News stories published mostly by small- to medium-sized outlets boosted Twitter conversations about those topics by about 63% across the political spectrum, suggests a five-year experiment released on Thursday. Twitter has 328 million active users — journalists and news hounds, politicians and public agencies, activists and Russian trolls — a real-time cacophony that has become the water cooler of the internet.
Lack of any scientific qualifications couldn't keep former Trump campaign official Sam Clovis from becoming the US Department of Agriculture's new chief scientist. But emerging as a key figure in the Special Counsel Robert Mueller's investigation seems to have made him jump ship. A former talk radio host and retired Air Force colonel, Clovis, 68, had served as a national co-chairman of Trump's campaign team during the presidential election.
Trump’s pick, Rep. Jim Bridenstine of Oklahoma, came before the US Senate’s science committee, along with three other nominees for agency posts, for a hearing intended to look at the future of the $19 billion space agency. Instead, the meeting turned into an examination of his political past as a deeply conservative congressman, and his previous statements denying climate change. A confirmation hearing for the new NASA chief devolved on Wednesday into a climate change debate among U.S. Senators.
Muck Rack makes it simple to find people, tweets, or articles that mention any name, keyword, company, hashtag etc. We've compiled this guide to help you make the most of your search.
Selecting a term
Start searching tweets, articles from media outlets, articles mentioned in tweets, journalists'
names, titles and bios with some suggested searches:
Companies or Topics (e.g. iPhone, Microsoft)
Phrases (e.g. "cloud computing") — use quotes to keep the terms together
Twitter handles (e.g. @username) — returns those who have mentioned or replied to
Names (e.g. "David Pogue")
Hashtags (e.g. #sxsw, #london2012)
Bio details (e.g. vegan, Olympics, father)
Muck Rack's Advanced Search allows for many boolean operators.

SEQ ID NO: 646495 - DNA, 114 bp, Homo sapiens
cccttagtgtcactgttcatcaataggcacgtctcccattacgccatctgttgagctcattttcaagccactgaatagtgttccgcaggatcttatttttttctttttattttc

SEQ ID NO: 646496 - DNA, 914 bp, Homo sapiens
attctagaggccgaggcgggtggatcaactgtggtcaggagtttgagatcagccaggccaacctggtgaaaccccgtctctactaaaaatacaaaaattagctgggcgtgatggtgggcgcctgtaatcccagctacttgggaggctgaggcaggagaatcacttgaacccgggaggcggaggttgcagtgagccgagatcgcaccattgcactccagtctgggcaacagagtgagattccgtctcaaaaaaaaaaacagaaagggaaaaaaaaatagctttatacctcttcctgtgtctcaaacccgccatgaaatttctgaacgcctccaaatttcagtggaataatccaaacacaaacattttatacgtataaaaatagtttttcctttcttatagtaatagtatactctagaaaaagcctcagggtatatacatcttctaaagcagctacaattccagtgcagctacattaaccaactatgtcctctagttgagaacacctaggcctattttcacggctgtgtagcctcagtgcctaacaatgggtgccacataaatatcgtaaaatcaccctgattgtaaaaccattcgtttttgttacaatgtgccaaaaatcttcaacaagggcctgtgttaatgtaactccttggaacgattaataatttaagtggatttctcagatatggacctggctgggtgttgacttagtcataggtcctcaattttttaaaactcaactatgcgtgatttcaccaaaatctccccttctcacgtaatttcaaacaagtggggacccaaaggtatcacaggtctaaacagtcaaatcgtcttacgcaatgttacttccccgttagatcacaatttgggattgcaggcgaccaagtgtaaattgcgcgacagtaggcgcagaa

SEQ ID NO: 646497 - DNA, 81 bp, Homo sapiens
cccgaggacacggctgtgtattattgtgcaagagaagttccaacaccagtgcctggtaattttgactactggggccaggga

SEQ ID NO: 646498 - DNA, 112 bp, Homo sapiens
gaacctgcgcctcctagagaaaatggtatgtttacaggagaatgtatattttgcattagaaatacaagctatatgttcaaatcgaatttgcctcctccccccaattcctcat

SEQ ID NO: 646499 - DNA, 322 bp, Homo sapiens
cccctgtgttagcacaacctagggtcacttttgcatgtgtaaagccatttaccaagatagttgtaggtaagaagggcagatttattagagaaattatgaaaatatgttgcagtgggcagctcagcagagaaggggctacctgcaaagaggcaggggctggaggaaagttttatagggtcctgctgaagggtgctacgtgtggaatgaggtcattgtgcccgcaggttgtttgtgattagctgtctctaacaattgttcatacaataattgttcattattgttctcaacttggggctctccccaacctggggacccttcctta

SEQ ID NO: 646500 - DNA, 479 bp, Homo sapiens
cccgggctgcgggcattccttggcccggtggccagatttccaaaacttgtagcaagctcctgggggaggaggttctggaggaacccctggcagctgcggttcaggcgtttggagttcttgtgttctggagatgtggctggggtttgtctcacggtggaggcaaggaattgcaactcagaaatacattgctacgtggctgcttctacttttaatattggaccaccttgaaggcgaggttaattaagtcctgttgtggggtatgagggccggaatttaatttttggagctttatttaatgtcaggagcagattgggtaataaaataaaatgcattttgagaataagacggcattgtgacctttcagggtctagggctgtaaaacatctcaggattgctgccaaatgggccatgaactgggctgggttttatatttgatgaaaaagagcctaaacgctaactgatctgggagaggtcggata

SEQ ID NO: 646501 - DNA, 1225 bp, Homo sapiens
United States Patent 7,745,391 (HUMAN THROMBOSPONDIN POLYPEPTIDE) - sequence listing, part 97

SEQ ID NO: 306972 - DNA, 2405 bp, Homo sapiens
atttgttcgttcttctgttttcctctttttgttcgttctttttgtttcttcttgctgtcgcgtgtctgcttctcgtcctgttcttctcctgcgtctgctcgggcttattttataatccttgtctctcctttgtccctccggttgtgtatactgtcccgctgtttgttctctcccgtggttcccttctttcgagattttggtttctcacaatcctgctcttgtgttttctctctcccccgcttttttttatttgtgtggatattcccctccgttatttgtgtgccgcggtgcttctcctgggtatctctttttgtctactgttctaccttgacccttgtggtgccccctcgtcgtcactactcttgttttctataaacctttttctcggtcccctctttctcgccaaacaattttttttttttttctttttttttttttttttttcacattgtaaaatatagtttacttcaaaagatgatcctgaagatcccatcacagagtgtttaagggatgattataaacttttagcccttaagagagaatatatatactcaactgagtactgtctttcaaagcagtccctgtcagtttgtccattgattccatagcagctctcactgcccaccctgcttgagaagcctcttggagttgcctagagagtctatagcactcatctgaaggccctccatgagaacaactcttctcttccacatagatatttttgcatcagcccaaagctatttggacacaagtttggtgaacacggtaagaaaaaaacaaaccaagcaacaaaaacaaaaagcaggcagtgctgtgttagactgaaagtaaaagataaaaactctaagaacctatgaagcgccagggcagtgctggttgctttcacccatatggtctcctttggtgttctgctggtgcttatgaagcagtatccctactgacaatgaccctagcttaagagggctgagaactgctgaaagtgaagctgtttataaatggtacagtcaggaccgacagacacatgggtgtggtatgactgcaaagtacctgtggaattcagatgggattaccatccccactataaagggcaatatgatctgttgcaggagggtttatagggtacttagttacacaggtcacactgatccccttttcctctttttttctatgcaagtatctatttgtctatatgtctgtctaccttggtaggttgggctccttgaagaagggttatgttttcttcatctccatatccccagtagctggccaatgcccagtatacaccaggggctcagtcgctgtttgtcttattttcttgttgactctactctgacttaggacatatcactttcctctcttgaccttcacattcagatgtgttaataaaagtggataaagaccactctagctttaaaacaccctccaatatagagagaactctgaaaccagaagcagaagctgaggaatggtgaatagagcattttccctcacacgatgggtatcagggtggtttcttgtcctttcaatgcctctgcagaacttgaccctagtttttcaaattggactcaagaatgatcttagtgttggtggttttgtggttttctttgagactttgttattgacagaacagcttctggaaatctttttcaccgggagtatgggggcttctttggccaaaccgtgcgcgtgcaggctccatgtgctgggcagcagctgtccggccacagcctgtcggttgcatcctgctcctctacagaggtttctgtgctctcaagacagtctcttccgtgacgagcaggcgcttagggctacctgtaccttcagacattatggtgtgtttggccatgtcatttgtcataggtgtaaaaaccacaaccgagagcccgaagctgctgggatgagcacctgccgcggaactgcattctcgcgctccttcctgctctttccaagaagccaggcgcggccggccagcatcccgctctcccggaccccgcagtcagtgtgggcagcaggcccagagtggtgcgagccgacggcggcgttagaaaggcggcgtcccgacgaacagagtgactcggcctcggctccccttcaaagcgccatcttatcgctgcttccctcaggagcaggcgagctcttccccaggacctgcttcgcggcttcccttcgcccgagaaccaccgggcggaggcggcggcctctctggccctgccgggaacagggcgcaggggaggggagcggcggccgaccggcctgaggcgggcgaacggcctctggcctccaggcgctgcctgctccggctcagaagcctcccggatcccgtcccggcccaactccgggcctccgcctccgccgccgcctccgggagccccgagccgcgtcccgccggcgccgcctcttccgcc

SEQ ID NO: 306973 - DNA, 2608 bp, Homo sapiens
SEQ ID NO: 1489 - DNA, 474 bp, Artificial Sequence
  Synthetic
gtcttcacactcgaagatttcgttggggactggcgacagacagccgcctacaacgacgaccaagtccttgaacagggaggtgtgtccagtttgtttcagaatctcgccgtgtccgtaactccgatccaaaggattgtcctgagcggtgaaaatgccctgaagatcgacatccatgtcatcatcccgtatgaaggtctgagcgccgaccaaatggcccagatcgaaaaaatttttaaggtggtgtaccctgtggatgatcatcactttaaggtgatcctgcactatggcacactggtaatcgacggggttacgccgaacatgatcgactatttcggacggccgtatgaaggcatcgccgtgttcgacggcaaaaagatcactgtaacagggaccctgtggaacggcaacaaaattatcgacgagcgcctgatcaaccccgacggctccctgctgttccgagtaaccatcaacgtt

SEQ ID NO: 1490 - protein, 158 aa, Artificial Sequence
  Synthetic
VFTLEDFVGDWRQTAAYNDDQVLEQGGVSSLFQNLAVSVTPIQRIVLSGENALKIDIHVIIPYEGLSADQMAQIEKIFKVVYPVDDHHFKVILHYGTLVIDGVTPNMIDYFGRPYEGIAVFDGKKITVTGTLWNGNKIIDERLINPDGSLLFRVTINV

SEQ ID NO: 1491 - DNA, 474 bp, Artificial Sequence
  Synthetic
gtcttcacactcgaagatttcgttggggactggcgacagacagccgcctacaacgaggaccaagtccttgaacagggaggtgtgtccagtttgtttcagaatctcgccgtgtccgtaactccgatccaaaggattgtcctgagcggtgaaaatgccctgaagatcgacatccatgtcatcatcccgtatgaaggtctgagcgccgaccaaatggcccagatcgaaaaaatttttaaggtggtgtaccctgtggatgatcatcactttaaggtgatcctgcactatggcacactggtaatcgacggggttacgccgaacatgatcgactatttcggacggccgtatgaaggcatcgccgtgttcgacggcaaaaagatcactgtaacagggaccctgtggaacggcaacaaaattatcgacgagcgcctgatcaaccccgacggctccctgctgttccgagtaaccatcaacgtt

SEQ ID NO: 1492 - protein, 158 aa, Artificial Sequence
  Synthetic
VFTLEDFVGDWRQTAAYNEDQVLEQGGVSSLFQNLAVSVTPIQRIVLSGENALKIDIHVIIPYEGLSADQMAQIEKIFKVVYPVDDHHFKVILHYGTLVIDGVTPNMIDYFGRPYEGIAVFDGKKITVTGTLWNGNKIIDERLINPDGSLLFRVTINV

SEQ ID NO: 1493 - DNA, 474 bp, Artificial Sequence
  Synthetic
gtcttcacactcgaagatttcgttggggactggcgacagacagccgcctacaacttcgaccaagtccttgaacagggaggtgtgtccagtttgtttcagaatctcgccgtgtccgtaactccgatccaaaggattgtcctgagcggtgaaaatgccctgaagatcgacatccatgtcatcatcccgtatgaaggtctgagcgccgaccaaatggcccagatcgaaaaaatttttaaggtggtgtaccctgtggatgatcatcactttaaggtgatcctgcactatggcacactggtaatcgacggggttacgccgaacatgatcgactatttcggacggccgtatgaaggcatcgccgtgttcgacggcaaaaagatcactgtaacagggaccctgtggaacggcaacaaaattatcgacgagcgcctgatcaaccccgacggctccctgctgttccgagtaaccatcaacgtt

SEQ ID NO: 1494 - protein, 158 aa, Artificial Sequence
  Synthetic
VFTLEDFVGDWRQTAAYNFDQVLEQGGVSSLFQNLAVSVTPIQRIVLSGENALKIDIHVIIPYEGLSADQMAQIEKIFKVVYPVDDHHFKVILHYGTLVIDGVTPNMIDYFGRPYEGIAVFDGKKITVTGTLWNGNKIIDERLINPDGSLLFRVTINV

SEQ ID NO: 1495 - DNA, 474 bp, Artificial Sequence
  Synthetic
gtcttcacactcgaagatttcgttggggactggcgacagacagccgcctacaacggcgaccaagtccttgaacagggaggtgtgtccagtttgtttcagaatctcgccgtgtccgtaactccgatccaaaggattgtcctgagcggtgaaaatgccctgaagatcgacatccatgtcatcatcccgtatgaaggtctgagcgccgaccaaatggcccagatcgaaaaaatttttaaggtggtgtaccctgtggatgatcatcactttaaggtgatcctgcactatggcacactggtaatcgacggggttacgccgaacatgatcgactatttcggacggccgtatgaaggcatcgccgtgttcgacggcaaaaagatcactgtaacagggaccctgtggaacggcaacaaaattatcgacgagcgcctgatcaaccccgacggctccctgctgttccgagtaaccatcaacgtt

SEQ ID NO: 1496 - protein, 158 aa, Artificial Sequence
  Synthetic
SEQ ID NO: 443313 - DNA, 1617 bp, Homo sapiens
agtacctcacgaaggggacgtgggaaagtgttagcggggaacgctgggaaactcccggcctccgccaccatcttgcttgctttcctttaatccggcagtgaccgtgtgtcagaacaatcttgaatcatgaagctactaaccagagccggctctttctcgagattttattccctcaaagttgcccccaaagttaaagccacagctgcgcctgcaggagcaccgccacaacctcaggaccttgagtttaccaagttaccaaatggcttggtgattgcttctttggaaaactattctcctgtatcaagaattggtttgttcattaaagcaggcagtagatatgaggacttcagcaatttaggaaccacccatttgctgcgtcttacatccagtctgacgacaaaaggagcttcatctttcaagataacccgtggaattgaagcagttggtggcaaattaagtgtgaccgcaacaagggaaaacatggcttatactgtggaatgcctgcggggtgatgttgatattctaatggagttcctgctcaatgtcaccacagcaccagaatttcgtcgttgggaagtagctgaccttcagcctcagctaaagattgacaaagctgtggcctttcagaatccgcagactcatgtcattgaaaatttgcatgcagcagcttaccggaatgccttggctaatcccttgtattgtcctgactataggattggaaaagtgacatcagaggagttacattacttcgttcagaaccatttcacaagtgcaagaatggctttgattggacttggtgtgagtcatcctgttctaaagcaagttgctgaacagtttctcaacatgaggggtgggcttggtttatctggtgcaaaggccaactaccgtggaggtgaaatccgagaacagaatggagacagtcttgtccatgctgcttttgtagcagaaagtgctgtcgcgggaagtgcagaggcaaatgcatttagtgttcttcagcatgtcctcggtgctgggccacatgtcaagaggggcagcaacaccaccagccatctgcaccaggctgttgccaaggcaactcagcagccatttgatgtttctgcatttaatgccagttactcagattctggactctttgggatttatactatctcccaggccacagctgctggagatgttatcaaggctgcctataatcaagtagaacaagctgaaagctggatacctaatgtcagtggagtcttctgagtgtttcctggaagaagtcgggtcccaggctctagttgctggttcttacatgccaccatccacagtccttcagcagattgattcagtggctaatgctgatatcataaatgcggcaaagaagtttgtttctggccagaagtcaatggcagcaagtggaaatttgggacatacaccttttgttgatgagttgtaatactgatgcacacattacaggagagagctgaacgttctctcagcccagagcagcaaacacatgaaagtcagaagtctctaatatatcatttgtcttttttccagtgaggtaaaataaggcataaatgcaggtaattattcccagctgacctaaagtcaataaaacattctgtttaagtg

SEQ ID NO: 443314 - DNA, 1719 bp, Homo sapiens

Find results that mention multiple specified terms, use AND or
+. For example, ensure each result contains both Elon Musk and Mark Zuckerberg by
searching Musk AND Zuckerberg or Musk + Zuckerberg.
Use the operators OR or , to broaden your search when you'd like either of
multiple terms to appear in results. (This is the default behavior of our search when no operators
are used). For example, results will contain either cake or cookie by searching cake OR cookie or cake,cookie
Use NOT or - to subtract results from your search. For
example, searching Disney will yield results about the Walt Disney Company as well as Walt Disney
World Resort. To exclude mentions of Disney World, search for Disney -World or Disney
When using one of these operators with a phrase, enclose it in quotation marks. For example, you can
find results about smartphones excluding Apple's iPhone 4S by searching smartphone -"iPhone
Exact case matching or punctuation
If you're searching for a brand name or keyword that relies on specific punctuation marks or capitalization, you can
find results that match your exact query by adding matchcase: before the keyword you're searching for, like matchcase:E*TRADE .
Use parentheses to separate multiple
boolean phrases. For example, to find journalists talking about having fun in Disney World or
Disneyland, search for ("disney world" OR disneyland) AND fun.
An asterisk can be used to search for any variation of a root word truncated by the asterisk. For example, searching for admin* will return results for administrator, administration, administer, administered, etc.
A near operator is an AND operator where you can control the distance between the words. You can vary the distance the near operation uses by adding a forward slash and number (between 0-99) such as strawberries NEAR/10 "whipped cream", which means the strawberries must exist within 10 words of "whipped cream".